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APTA announces end to ArrivalStar's patent infringement claims against transit agencies

The American Public Transportation Association's (APTA) lawsuit over frivolous patent infringement claims against its members has been resolved, the association announced yesterday.

On June 25, APTA filed suit against ArrivalStar on behalf of more than 1,500 public transportation agencies. For the past three years, ArrivalStar and an affiliate had been filing claims stating that they own or are the exclusive licensee of patents relating to arrival and status messaging systems for the transportation industry, APTA claims.

"ArrivalStar has agreed not to make any future patent infringement claims against any of APTA's public transportation agency members or any vendors providing goods and services to APTA public transportation agency members," said APTA President and Chief Executive Officer Michael Melaniphy in a prepared statement.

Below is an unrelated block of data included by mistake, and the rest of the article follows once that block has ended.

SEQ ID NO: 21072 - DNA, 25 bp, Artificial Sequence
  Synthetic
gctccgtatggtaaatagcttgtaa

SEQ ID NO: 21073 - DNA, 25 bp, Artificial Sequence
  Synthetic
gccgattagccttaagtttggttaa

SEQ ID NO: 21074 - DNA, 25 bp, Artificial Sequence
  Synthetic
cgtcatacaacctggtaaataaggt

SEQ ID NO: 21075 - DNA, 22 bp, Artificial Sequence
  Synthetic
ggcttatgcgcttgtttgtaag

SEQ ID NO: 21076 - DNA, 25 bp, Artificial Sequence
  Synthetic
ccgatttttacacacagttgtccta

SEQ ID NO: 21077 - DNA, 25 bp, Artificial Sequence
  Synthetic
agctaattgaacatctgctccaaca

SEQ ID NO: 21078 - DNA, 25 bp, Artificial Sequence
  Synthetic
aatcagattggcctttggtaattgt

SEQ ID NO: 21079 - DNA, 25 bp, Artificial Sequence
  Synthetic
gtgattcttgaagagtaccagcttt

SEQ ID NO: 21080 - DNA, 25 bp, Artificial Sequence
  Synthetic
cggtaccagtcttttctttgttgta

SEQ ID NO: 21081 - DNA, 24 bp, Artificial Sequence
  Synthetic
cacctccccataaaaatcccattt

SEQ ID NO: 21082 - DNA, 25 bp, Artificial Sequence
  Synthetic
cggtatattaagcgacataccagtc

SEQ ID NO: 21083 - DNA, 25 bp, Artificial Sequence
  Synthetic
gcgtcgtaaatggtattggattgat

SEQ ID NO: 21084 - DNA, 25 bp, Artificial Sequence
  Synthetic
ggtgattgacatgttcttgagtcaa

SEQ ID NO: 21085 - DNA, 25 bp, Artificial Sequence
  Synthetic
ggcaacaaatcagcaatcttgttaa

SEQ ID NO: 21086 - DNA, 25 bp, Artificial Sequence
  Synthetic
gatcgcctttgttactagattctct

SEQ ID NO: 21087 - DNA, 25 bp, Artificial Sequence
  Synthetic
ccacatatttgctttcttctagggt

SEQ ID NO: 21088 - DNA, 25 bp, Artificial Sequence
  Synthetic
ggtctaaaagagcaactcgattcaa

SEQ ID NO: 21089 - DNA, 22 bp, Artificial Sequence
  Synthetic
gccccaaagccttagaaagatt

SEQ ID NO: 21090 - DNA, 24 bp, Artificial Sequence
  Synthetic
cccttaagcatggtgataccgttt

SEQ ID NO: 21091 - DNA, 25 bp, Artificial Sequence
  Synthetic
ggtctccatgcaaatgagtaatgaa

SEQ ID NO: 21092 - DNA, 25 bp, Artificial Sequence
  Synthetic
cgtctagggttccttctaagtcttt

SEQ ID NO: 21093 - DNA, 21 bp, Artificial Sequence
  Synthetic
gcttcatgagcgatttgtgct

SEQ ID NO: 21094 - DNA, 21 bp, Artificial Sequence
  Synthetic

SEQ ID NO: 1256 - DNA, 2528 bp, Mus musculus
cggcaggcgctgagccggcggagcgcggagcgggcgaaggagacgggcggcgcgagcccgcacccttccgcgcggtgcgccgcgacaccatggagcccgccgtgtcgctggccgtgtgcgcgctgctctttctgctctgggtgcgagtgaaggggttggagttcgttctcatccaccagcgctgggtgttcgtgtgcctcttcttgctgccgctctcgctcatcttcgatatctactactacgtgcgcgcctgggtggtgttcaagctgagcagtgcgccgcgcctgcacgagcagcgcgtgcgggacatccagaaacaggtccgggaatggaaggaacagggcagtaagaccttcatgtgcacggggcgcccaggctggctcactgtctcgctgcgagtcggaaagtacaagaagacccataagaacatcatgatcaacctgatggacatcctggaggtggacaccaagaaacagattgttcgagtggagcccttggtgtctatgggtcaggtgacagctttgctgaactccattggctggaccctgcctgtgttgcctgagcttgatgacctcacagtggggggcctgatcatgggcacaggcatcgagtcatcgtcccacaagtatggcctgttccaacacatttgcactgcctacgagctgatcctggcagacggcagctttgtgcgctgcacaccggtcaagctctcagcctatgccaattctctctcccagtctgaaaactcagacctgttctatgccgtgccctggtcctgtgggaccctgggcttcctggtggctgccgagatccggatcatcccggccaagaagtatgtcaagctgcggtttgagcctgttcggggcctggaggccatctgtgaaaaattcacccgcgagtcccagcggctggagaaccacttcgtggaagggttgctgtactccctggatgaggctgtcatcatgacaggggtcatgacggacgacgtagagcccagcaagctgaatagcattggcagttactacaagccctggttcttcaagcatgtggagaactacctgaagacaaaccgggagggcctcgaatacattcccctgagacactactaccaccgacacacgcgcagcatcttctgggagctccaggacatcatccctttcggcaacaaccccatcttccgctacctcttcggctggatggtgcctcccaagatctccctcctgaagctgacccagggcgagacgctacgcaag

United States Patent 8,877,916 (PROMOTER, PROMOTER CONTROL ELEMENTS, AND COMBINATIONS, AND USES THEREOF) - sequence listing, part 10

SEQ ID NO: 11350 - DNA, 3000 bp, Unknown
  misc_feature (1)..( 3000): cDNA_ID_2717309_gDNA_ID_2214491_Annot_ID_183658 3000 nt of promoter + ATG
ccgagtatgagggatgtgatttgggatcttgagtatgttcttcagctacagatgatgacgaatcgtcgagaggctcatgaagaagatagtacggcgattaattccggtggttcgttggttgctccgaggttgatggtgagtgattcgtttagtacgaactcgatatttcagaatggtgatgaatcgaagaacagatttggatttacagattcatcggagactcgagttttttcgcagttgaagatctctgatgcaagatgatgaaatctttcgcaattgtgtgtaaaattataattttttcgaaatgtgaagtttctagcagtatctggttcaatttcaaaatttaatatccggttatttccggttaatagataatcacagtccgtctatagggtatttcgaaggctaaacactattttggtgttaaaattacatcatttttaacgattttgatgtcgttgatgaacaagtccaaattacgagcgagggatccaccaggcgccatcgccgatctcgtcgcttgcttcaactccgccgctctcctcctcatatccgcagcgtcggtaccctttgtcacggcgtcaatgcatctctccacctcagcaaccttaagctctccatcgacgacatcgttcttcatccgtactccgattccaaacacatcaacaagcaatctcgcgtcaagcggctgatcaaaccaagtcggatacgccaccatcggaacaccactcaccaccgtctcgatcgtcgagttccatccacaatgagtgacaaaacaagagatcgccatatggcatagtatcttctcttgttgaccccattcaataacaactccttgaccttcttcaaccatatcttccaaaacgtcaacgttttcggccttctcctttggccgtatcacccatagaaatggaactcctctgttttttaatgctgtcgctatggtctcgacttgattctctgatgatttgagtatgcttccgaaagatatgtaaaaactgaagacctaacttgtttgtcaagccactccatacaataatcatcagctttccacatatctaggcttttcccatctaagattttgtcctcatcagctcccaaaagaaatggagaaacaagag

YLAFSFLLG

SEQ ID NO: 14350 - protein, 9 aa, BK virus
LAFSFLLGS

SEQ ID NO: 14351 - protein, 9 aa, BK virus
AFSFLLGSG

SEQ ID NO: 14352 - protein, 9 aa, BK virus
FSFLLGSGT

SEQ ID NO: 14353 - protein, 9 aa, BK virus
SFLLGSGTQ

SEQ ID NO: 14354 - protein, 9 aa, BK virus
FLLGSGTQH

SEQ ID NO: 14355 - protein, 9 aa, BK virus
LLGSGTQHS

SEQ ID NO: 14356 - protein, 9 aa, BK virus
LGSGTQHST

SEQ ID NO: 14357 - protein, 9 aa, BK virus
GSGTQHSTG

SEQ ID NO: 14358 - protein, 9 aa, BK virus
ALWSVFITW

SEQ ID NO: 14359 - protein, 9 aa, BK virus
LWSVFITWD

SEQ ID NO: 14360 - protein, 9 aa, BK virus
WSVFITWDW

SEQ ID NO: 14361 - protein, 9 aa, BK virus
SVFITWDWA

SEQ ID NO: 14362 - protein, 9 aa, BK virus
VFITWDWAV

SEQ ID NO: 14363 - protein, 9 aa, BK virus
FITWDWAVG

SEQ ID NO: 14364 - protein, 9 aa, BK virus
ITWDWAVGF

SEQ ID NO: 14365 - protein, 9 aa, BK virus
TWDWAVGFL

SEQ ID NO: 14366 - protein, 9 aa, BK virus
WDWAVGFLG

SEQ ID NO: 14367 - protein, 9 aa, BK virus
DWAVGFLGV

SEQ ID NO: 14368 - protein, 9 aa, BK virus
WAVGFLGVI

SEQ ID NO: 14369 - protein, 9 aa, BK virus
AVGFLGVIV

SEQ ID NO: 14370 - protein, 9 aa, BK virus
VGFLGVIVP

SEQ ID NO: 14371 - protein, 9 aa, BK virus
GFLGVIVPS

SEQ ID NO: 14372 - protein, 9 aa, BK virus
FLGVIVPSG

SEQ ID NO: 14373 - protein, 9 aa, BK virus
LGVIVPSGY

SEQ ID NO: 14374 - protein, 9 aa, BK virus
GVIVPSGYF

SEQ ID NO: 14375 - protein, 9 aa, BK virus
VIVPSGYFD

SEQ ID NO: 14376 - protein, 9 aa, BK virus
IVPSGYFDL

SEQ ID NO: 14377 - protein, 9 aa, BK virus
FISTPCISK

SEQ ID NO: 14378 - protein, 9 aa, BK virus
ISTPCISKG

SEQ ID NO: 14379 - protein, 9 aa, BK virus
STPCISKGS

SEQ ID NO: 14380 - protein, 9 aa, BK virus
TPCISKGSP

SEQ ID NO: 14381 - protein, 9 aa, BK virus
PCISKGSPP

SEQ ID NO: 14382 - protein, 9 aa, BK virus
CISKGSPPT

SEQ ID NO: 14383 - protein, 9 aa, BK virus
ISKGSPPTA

At least 11 public transit systems had been subject to "frivolous" lawsuits by ArrivalStar, and had decided to settle rather than face "expensive and time-consuming litigation, which would have cost millions of dollars," APTA officials said.

APTA's lawsuit claimed that ArrivalStar's patents related to arrival and status messaging systems were invalid and unenforceable. In addition, the association asserted that the 11th Amendment prohibits state and regional entities from being subject to such suits.

"Now public transportation agencies and businesses can move forward with innovative technology without threat of baseless litigation," Melaniphy said.

Contact Progressive Railroading editorial staff.

More News from 8/22/2013